Breeze will offer some seats with additional legroom, “but ultimately the feeling of being on a budget carrier comes not just from a lack of legroom but from an overall lousy flight experience,” Mr. Edmonson-Jones said. “Breeze is focused on providing a great travel experience for all customers.”

Breeze has said it will offer flexible booking, allow for one free personal item on board, and believes seating limitations will no longer be necessary when the airline launches. Avelo has not announced details such as reservation cancellation policies, carry-on luggage fees or pandemic-related seating restrictions.

Analysts weigh in

There are other factors working in the new airlines’ favors. The longer-term trend of some people relocating to work remotely from smaller cities means there will be a new set of passengers to serve, said Sherry Stein, head of technology strategy for the airline industry association Societe Internationale de Telecommunicatios Aeronautique. “This shift is creating a new opportunity for new domestic players to enter the market at smaller regional airports, particularly as the big carriers retreat to their hubs,” she said.

Consumers are also open to trying a new low-cost airline, according to Jonathan Kletzel, who follows the industry for PwC, a consulting firm. His group’s analysis found that for roughly the next three to six months, passengers are prioritizing cleanliness, safety and price over airline loyalty programs.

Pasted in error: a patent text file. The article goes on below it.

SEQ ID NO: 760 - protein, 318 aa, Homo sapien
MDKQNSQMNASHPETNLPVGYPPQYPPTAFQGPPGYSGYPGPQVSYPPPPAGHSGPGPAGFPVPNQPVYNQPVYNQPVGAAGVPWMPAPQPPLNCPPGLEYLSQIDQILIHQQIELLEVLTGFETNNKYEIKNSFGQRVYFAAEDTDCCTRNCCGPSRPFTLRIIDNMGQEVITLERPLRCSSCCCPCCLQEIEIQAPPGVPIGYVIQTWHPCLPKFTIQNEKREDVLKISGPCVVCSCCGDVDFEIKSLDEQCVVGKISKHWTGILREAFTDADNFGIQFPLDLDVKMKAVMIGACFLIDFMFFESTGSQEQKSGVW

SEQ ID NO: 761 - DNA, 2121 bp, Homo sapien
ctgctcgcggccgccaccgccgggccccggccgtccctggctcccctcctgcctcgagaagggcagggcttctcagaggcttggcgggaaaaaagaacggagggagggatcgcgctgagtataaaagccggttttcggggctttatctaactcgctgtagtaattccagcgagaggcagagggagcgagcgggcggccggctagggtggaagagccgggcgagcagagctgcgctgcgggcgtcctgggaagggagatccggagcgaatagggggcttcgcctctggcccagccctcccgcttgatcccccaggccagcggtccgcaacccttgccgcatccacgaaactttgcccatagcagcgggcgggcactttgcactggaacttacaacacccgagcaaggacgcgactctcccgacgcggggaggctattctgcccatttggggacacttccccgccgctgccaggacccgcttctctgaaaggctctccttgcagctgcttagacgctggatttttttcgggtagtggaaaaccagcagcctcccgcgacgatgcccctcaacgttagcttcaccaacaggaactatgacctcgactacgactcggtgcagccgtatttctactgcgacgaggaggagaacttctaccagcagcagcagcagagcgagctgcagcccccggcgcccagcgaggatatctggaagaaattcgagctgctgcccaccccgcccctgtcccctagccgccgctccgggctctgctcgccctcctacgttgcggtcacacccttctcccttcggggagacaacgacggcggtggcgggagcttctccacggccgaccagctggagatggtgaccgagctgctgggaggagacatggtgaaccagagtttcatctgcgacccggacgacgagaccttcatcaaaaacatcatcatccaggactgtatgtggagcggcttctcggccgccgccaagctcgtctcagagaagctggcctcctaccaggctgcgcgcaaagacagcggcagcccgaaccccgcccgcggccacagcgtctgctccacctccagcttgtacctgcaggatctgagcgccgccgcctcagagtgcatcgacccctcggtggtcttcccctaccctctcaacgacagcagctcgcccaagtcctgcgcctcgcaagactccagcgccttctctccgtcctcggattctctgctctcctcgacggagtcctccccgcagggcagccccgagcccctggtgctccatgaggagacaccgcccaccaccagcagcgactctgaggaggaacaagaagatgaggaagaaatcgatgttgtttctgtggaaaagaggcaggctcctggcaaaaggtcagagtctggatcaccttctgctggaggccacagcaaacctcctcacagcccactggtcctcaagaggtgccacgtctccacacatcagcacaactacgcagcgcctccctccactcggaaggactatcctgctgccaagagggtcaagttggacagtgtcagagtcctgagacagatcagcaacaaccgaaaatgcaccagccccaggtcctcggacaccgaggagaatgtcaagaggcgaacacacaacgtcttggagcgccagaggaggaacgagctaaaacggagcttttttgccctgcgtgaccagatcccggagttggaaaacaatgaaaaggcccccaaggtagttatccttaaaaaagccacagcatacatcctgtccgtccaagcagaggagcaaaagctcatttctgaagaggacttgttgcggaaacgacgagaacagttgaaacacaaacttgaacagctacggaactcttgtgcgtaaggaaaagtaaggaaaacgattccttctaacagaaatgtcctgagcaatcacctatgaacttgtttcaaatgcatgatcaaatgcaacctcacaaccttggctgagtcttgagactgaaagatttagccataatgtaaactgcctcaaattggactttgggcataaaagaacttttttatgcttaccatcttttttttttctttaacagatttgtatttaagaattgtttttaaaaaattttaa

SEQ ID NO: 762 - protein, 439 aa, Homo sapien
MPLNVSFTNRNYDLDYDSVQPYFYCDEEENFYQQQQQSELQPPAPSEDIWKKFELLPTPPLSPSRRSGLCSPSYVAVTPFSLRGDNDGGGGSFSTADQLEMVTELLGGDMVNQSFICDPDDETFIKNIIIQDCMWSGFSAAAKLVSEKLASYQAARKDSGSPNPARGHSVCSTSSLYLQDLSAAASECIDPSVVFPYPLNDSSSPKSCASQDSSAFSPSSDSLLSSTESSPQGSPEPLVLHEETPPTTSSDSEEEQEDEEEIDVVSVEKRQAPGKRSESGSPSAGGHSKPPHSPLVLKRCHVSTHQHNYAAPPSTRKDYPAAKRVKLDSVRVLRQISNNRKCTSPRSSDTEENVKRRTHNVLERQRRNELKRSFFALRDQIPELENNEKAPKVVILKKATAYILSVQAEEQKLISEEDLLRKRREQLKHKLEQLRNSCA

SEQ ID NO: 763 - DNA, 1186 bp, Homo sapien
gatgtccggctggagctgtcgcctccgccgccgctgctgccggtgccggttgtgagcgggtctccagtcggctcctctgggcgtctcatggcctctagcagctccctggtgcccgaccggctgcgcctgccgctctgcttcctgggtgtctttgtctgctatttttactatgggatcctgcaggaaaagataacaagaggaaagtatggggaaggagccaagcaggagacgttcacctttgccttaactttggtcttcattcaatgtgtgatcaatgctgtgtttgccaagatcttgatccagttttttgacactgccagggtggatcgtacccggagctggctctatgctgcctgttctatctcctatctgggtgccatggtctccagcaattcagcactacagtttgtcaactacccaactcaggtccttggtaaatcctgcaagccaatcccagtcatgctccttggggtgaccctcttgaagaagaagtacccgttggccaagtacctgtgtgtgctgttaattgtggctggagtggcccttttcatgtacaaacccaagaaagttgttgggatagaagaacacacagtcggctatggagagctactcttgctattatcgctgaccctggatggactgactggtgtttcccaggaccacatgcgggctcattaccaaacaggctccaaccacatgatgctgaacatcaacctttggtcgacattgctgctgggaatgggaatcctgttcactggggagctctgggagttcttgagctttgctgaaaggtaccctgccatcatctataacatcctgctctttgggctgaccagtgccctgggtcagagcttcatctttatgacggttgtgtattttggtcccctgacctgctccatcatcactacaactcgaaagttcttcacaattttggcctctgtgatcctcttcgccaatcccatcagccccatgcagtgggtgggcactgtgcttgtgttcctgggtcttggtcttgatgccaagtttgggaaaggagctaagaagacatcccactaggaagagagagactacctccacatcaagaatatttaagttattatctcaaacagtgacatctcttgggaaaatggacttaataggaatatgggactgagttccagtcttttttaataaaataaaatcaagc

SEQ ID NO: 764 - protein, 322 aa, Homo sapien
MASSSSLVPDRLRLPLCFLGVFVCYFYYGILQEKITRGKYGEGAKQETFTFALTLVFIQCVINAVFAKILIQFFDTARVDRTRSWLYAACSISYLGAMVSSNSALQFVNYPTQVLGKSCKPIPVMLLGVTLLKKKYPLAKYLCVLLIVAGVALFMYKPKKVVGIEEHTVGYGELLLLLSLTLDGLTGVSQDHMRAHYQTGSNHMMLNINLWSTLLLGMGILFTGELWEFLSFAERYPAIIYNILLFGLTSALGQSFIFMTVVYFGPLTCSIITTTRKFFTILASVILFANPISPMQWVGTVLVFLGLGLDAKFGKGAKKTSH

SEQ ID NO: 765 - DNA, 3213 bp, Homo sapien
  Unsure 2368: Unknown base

The pent-up demand for travel worldwide is evident. The low-cost airline EasyJet, based in London, saw a surge in bookings when the British prime minister, Boris Johnson, announced a plan on Feb. 22 for easing travel restrictions. Dublin-based Ryanair also reported a large number of new bookings following the news.

There are, of course, risks to starting an airline in any economic climate. The companies require immense capital investment, stringent adherence to a long list of regulations, complex contracts and facilities management, and the development and implementation of spotless safety procedures. The competition is large, entrenched and powerful.

Still, by serving specific locations and controlling costs, and with an eye toward the accelerating vaccine rollout, Avelo and Breeze hope to make it work.

S: NY Times